Separate wheat from chaff: 21 smart interview questions

HR professionals often play it ultra-safe in interviewing. For fear of asking unusual, inappropriate or even illegal questions, they stick to bland, scripted queries that don’t draw applicants out of their comfort zone.

That’s a sure path to hiring failure.

Instead, you and your hiring managers can improve your hiring odds dramatically by probing deeper with more targeted, properly worded questions.

To zero in on “must hires” in your applicant pool, try some of these questions suggested by Paul Falcone, author of the best-selling book 96 Great Interview Questions to Ask Before You Hire.

Career-initiative questions

  • “Walk me through your progression with your current employer, leading me up to what you now do daily.”
  • “How have you had to reinvent your job over time in light of your employer’s changing needs?”
  • “Why would this be a good move in progression for you from a career development standpoint?” (i.e., “What are you adding to your résumé?”)

Technical-skill questions

  • “On a scale of 1 to 10 (10 being a perfect match for this job), how would you grade yourself from a technical standpoint?” (Most people rate themselves an 8, says Falcone.) “What would make you a 10?” (This second question identifies the gap in their current skills.)
  • “Where would you need the most support, structure or direction in your first 90 to 180 days?” (Ask this instead of the standard “What’s your greatest weakness?” question.)
  • “Are you more quality-driven or quantity-driven? I know most people look for balance, but people usually lean one way or the other. Where would you say you fall in the spectrum?”

Personality-match questions

Falcone says most line managers hire on the basis of likablity, but they should be focusing on compatibility. Some questions to identify compatibility:

  • “How do you prefer to accept constructive criticism. Do you consider yourself thick-skinned, or should we be more delicate when providing feedback.”
  • “Do you prefer more structure, direction and feedback on a day-to-day basis, or more autonomy?”
  • “What work pace do you typically prefer: a) moderate, controllable, predictable; b) fast-paced with deadline pressure; c) hair-on-fire, hyperspace, floor of the New York Stock Exchange?” (The best answer is B.)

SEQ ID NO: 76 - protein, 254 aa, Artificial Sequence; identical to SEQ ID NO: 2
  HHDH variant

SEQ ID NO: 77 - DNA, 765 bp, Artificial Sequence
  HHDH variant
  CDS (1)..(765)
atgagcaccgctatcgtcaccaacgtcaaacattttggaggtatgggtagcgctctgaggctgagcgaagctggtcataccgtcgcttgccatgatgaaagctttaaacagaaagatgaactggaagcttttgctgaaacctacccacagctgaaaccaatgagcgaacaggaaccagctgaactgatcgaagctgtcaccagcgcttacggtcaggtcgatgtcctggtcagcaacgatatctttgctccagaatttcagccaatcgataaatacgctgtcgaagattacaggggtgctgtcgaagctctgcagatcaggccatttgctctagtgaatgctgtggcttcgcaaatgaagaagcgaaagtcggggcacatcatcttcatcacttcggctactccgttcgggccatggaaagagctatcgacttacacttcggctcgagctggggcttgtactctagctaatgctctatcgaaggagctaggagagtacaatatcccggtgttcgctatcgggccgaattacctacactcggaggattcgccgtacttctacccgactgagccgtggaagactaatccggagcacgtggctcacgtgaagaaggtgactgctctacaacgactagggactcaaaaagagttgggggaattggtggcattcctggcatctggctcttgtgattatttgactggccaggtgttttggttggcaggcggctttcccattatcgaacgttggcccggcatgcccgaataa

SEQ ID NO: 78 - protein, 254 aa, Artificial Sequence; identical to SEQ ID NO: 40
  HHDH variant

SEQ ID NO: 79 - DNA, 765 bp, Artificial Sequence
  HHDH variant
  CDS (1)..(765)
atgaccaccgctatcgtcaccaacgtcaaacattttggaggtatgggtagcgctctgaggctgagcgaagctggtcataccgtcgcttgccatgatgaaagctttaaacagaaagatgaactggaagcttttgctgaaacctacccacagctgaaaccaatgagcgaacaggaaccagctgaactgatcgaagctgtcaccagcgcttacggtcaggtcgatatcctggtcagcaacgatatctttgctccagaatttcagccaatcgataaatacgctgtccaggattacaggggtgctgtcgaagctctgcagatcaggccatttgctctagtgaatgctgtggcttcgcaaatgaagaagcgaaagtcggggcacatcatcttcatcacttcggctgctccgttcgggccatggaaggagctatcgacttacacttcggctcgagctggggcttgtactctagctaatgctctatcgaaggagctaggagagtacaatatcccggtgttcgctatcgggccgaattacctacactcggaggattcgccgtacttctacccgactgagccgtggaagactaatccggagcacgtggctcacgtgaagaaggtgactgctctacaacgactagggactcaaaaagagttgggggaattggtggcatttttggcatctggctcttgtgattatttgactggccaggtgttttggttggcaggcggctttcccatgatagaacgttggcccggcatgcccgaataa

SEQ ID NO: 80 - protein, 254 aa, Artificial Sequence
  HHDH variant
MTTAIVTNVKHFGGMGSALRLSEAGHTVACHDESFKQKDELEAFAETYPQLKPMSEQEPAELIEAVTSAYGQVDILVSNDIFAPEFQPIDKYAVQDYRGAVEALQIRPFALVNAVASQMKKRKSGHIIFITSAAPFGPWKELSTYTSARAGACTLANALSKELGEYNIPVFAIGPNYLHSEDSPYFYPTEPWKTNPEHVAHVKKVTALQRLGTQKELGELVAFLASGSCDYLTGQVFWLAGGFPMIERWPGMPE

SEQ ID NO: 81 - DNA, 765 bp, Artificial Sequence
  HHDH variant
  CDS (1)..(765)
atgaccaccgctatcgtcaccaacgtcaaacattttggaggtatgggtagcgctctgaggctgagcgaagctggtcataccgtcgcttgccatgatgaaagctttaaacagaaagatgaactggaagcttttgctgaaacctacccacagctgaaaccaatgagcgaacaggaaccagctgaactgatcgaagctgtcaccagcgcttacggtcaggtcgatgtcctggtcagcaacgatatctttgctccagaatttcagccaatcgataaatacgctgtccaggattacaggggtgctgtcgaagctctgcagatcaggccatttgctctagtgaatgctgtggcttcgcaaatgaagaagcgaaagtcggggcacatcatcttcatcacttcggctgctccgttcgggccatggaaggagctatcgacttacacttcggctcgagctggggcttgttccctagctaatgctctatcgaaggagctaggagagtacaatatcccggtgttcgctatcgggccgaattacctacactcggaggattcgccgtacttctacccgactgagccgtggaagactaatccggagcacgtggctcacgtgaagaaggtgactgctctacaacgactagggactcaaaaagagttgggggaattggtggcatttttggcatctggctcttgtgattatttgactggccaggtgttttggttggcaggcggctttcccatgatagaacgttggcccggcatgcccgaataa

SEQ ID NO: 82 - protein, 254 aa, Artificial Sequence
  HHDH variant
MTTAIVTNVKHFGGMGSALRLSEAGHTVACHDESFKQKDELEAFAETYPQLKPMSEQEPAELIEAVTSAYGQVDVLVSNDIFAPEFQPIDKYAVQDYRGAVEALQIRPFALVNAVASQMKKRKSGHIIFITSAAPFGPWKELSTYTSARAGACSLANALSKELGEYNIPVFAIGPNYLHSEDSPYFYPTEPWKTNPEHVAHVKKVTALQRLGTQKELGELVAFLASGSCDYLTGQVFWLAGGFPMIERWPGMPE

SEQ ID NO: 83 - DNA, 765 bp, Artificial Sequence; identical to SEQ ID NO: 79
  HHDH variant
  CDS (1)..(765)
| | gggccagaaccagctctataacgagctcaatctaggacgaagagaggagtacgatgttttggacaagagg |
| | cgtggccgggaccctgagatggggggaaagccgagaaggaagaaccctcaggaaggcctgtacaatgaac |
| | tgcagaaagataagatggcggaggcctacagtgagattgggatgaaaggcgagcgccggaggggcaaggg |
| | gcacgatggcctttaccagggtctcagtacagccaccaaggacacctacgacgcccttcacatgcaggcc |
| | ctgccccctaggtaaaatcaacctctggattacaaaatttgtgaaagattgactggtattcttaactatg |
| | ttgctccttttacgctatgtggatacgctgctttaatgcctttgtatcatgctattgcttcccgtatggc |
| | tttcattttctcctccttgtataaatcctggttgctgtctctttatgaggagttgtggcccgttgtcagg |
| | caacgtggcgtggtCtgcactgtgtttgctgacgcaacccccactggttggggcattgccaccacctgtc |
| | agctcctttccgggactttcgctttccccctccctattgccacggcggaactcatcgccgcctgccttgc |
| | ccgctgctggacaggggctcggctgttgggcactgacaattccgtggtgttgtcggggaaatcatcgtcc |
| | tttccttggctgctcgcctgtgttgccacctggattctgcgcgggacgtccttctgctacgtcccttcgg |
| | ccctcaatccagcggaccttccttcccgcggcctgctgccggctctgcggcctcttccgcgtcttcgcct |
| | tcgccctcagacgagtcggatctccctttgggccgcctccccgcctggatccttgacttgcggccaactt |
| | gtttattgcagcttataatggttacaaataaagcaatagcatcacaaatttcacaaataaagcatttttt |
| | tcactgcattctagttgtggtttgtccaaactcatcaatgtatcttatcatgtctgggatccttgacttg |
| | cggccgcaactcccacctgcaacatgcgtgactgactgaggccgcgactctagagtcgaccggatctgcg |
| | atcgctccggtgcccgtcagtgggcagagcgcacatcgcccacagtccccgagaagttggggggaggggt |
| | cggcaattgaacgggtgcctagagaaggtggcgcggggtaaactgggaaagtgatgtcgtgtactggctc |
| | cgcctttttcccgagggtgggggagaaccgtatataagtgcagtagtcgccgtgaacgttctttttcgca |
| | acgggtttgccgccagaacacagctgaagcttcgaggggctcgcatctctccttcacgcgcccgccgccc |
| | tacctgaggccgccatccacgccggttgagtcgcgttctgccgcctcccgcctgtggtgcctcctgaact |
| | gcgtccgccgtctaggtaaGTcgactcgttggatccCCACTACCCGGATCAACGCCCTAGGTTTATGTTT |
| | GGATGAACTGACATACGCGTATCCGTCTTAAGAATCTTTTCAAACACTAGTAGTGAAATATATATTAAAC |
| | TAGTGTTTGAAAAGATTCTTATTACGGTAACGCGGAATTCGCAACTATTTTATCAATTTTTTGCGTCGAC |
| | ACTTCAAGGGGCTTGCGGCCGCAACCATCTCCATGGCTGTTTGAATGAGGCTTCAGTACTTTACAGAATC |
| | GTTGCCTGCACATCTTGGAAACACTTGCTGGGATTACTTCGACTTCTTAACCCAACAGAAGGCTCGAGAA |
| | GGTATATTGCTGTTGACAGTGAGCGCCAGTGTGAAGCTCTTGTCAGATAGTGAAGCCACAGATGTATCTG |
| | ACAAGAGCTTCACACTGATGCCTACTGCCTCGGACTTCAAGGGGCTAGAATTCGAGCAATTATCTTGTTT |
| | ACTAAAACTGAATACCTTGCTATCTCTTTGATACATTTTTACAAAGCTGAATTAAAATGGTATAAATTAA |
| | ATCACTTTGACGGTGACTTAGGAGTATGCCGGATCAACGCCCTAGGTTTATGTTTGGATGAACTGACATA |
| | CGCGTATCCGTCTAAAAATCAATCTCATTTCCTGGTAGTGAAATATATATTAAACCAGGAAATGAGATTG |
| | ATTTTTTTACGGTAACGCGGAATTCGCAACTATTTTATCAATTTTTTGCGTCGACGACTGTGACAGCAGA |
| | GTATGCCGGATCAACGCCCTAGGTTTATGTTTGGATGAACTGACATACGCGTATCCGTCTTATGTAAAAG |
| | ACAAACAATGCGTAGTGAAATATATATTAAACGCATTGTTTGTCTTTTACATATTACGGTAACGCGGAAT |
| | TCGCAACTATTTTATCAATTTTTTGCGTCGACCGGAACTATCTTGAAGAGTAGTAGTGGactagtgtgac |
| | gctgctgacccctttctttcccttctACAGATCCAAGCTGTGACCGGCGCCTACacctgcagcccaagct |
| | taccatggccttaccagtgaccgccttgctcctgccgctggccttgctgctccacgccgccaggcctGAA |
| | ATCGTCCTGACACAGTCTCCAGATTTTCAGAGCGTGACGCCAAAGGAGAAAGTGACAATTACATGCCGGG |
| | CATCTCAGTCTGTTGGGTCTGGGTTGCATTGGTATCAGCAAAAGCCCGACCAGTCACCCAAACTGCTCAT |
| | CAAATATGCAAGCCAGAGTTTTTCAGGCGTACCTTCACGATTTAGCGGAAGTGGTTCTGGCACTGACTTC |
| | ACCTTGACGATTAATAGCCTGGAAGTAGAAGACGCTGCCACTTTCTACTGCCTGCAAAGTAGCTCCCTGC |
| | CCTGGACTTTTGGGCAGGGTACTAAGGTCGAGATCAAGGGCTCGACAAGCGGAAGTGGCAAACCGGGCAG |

• “What would your references say about your listening skills, follow-up abilities and inclination to confront problem situations head-on?”
  • “What was your favorite position and what role did your boss play in your career at that point?” (Ask the same question about “least favorite” position.)
  • “Give me three adjectives to describe yourself.”

Achievement questions

  •  “What makes you stand out as a rarity among your peers?” (This tells you how much self-confidence they have.)
  •  “What have you done in your present/last position to increase your organization’s top-line revenues, to reduce expenses or to save time?”
  • “Why is your current organization a better place for you having worked there?”
  • “Tell me about your reputation at work: What are you known for?”
  • “Tell me about the greatest achievement you’ve ever had in your career up to now.”

Pressure-cooker questions

  • “Tell me about your last performance appraisal: In which area were you most disappointed?”
  • “Tell me about me: What can you glean from this interview about my management style?”
  • “From an interpersonal standpoint, where do you disagree with your boss most often? What kind of constructive feedback would you give him if he were here right now?”
  • What do you know about our organization?” 

The Post-Interview Debrief: Smart Questions to Ask

After candidates meet with various managers, you may get the chance to speak with them, either that day or days later. Here are some good follow-up questions to gauge the person’s interest.

  • “What interested you most about the opportunity: the people you met, the job or the organization itself?”
  • “After learning more, how qualified are you for the position from a technical standpoint on a scale of 1 to 10?”
  • “On a scale of 1 to 10, how interested are you in joining our staff?” (If less than a 10, ask: “What would make you a 10?”)
  • “What other information do you need to come to an informed career decision?”

Pre-empt any counteroffer with these questions:

  • “What would have to change at your present position for you to continue working there?”
  • “If you gave notice to your boss right now, what would he/she say to keep you?”